Honoring fallen Veterans on Memorial Day


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Ways you can pay respect to those who’ve made the ultimate sacrifice

Since 1868, Americans have set aside one day a year to honor the over 1.1 million men and women who gave their lives while serving their country. While Memorial Day comes just once a year, VA and its employees uphold the meaning behind it each and every day by providing the best care possible to our Veterans. Today, we’re sharing ways we’re honoring fallen Veterans on Memorial Day.

Initially called Decoration Day because families and friends would spend the day decorating the graves of their fallen loved one; the day was renamed Memorial Day during World War II and became a federal holiday in 1971. It serves to honor the men and women whose lives and actions in battle helped to shape not just our Nation, but the world. Whether they were present when the first shot was fired at Lexington and Concord or they’ve walked the streets of Baghdad, they’ve had a direct impact on history.

A simple way to both show your respect and support living Veterans and their families is through the purchase of a red poppy. Known as the “flower of remembrance,” the poppy gained popularity after Canadian surgeon, Lieutenant Colonel John McCrae, penned the poem “In Flanders’ Fields” during WWI. In it, he describes the crimson flowers growing between the crosses marking the graves of those who fell during that pivotal battle. It was proclaimed the official memorial flower of the VFW in 1922. Now, artificial poppies are manufactured by patients and residents in VA hospitals and homes, with proceeds going to support Veterans, widows, and orphans affected by war. By purchasing and wearing a red poppy, you can honor Memorial Day while making a difference in a living Veteran’s life.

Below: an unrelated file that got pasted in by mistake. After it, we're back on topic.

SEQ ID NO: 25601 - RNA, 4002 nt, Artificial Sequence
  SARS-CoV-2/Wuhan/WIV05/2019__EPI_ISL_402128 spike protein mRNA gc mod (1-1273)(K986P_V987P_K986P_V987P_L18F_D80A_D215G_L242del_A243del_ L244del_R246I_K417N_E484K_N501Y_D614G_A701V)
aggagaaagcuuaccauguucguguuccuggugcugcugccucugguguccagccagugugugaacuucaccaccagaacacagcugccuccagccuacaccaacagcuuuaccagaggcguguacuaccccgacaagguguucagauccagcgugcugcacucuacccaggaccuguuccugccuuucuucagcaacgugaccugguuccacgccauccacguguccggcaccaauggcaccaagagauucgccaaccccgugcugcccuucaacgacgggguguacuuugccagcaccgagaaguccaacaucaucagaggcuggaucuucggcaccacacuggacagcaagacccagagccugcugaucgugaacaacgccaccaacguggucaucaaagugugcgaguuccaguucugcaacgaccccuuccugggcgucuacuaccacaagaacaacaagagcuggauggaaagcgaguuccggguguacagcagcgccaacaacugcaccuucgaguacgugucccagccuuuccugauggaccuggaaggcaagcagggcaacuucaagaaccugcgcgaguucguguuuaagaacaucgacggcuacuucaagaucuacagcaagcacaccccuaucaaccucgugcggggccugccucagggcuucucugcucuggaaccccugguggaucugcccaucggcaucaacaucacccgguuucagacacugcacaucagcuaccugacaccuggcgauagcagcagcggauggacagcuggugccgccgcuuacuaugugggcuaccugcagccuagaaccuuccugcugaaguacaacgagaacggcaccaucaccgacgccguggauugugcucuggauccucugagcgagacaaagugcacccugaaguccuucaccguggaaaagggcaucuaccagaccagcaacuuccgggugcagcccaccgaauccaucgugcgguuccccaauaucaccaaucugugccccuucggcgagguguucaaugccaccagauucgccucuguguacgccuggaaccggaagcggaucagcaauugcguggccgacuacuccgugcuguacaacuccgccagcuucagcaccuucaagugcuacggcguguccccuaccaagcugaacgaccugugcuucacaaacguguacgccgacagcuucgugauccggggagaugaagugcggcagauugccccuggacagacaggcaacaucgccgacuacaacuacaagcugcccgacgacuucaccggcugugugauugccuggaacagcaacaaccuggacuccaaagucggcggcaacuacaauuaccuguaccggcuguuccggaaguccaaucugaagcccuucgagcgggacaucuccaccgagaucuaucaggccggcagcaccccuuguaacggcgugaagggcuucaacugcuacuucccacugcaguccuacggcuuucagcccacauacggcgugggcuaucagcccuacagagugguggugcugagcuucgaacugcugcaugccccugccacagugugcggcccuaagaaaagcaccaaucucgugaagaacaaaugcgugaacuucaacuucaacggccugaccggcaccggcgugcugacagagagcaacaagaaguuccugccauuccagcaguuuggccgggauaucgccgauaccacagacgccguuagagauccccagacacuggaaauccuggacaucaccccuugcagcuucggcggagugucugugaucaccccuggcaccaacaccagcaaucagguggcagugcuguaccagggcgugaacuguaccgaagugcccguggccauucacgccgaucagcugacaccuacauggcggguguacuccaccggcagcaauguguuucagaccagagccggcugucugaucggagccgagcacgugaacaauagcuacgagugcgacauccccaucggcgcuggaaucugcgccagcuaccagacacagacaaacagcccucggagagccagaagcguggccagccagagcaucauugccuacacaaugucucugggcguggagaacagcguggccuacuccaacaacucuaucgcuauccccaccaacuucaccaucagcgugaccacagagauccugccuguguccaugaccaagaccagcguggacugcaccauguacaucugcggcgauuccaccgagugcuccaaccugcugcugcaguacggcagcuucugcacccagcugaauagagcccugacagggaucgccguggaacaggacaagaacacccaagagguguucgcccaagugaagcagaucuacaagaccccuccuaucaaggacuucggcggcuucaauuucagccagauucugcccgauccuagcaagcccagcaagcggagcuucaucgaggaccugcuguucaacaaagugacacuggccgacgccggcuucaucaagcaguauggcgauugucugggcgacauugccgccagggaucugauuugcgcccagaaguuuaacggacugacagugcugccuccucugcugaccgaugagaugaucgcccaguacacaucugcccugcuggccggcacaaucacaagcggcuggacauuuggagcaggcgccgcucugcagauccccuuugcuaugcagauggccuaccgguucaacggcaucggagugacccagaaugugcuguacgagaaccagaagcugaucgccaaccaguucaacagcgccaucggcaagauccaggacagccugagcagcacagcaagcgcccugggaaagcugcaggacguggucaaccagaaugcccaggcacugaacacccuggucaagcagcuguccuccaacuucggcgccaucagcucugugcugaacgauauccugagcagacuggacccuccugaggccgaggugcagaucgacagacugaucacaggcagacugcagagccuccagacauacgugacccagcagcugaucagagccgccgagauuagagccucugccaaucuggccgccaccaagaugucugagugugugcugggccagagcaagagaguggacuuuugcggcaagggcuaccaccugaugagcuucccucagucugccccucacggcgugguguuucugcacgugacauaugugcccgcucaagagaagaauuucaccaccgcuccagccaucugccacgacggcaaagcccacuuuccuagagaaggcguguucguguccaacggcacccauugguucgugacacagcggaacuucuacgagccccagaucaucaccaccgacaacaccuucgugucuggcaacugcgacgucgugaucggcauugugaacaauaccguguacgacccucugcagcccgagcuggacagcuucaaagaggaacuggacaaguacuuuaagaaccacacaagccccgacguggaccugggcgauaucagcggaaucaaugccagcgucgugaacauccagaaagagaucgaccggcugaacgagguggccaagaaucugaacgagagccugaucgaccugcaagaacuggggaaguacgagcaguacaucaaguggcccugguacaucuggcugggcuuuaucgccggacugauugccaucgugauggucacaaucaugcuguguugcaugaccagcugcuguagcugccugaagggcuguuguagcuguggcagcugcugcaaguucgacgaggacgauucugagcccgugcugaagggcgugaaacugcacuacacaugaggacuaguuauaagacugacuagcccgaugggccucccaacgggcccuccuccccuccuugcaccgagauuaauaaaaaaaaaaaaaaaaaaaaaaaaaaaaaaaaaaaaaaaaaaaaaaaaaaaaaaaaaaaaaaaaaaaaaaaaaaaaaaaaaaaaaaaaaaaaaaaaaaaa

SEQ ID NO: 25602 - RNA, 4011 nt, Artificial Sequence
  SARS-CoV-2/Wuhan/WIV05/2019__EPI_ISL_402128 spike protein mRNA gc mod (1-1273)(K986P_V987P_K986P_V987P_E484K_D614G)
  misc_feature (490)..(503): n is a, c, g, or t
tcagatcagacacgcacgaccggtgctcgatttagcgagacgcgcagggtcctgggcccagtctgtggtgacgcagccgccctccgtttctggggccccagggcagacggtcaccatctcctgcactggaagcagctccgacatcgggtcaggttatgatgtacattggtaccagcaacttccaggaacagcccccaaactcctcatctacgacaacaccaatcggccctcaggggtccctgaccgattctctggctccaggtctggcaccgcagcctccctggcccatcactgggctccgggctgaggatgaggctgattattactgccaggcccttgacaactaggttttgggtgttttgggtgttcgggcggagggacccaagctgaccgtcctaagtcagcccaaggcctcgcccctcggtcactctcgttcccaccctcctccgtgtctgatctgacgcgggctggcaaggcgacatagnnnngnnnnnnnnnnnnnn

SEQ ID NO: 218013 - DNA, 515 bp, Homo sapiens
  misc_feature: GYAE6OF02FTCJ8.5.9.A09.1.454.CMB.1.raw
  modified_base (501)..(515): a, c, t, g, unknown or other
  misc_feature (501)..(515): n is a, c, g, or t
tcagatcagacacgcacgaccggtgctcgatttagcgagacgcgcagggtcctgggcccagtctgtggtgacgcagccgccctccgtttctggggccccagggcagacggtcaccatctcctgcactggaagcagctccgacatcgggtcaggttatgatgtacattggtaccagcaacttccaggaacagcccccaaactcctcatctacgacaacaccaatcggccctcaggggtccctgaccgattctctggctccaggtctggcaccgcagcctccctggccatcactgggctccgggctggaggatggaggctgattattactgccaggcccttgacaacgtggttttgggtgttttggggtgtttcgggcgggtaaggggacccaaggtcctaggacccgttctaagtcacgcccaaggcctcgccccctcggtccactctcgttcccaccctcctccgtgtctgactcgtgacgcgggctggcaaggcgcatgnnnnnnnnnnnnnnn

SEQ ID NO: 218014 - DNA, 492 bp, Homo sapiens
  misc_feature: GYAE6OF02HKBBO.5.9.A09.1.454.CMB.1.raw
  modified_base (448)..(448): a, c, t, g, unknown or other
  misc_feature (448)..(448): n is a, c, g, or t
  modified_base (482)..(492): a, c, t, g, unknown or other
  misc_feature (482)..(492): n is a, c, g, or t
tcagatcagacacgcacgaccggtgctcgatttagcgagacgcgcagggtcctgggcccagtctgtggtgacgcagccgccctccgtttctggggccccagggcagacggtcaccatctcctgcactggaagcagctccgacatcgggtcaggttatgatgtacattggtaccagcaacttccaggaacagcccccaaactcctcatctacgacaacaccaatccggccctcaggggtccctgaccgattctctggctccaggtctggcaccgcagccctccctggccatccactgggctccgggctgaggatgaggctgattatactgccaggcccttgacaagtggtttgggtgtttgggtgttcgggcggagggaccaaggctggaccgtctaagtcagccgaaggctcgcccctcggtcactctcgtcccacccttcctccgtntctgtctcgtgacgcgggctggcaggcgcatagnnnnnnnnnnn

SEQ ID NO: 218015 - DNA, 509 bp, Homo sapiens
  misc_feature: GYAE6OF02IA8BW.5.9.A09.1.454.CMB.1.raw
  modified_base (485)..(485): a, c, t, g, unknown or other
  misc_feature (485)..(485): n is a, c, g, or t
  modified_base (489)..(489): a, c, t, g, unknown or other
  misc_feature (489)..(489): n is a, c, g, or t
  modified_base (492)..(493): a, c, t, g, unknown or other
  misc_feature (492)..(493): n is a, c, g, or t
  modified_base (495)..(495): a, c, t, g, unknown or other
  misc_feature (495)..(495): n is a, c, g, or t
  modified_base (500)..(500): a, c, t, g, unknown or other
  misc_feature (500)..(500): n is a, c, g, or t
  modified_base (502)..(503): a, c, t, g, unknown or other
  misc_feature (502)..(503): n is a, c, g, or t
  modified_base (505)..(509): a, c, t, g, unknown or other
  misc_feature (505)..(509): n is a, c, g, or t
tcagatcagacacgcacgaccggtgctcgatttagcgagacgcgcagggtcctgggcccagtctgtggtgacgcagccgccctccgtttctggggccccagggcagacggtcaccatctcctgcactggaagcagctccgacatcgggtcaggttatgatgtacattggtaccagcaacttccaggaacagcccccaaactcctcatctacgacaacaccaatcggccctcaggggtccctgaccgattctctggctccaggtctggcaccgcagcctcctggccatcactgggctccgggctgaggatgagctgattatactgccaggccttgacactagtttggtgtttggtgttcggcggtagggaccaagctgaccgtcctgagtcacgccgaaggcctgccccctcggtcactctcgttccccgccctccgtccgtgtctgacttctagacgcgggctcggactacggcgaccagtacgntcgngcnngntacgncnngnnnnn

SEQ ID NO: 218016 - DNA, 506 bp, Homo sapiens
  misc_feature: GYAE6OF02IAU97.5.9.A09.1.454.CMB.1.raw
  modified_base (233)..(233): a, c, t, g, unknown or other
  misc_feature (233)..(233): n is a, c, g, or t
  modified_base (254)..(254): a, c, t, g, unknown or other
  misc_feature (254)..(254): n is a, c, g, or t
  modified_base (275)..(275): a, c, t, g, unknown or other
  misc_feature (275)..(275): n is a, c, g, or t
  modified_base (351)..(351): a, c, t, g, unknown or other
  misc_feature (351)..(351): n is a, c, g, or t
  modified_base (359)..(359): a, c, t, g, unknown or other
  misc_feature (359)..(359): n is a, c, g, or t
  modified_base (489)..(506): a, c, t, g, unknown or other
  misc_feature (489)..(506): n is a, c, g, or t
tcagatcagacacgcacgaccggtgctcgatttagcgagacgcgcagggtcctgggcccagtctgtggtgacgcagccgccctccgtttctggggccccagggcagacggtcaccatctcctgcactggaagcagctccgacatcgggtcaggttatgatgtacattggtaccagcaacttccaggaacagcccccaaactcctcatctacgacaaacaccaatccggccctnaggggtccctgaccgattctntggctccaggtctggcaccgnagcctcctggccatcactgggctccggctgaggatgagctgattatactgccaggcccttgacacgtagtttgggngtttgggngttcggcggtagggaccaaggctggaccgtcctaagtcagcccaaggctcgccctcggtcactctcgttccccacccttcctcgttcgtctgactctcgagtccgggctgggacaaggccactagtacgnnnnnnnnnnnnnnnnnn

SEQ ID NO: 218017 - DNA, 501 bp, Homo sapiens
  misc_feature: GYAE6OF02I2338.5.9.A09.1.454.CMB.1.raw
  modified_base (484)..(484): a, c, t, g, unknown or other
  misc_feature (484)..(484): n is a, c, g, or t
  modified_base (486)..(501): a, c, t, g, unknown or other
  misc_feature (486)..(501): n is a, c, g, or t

Another visual way to mark the day is by flying your American flag at half-staff. However, there are guidelines to follow when doing so. When putting the flag at half-staff, raise it quickly to the top of the staff, then slowly lower it halfway down. The flag should only be flown at half-staff from dawn until noon before being raised to full-staff until sunset. You can find more information on flag etiquette here.

No matter how or where you’re spending your Memorial Day, take time to pause for the National Moment of Remembrance. At 3:00 p.m. local time, take one minute to pause and reflect on the sacrifices made by those who have lost their lives fighting for the United States. You can spend the minute alone or in a group, in silence or while listening to “Taps.” If you happen to be driving, turn your headlights on to show your participation. The goal of the Moment of Remembrance is to acknowledge and spread the true meaning behind Memorial Day.

Each and every day beyond Memorial Day, over 365,000 VA employees dedicate their lives to serve those who’ve made the ultimate sacrifice for their country by providing quality health care to Veterans and their families. Their unselfish call to duty is just one way VA gives back to our Veterans. To learn more and join our mission in supporting our service men and women every day of the year, visit vacareers.va.gov.

 

Author

Dan Green

Comments

  1. ALBERT JORDAN    

    Thank You for your Service. Men and Women of the Armed Forces.Gone But Not Forgotten, I Salute You. God Bless Your Family. They remain in our Heart. A soldier

  2. thomas gomez sr    

    REST IN PEACE BRAVE SOLDIERS.

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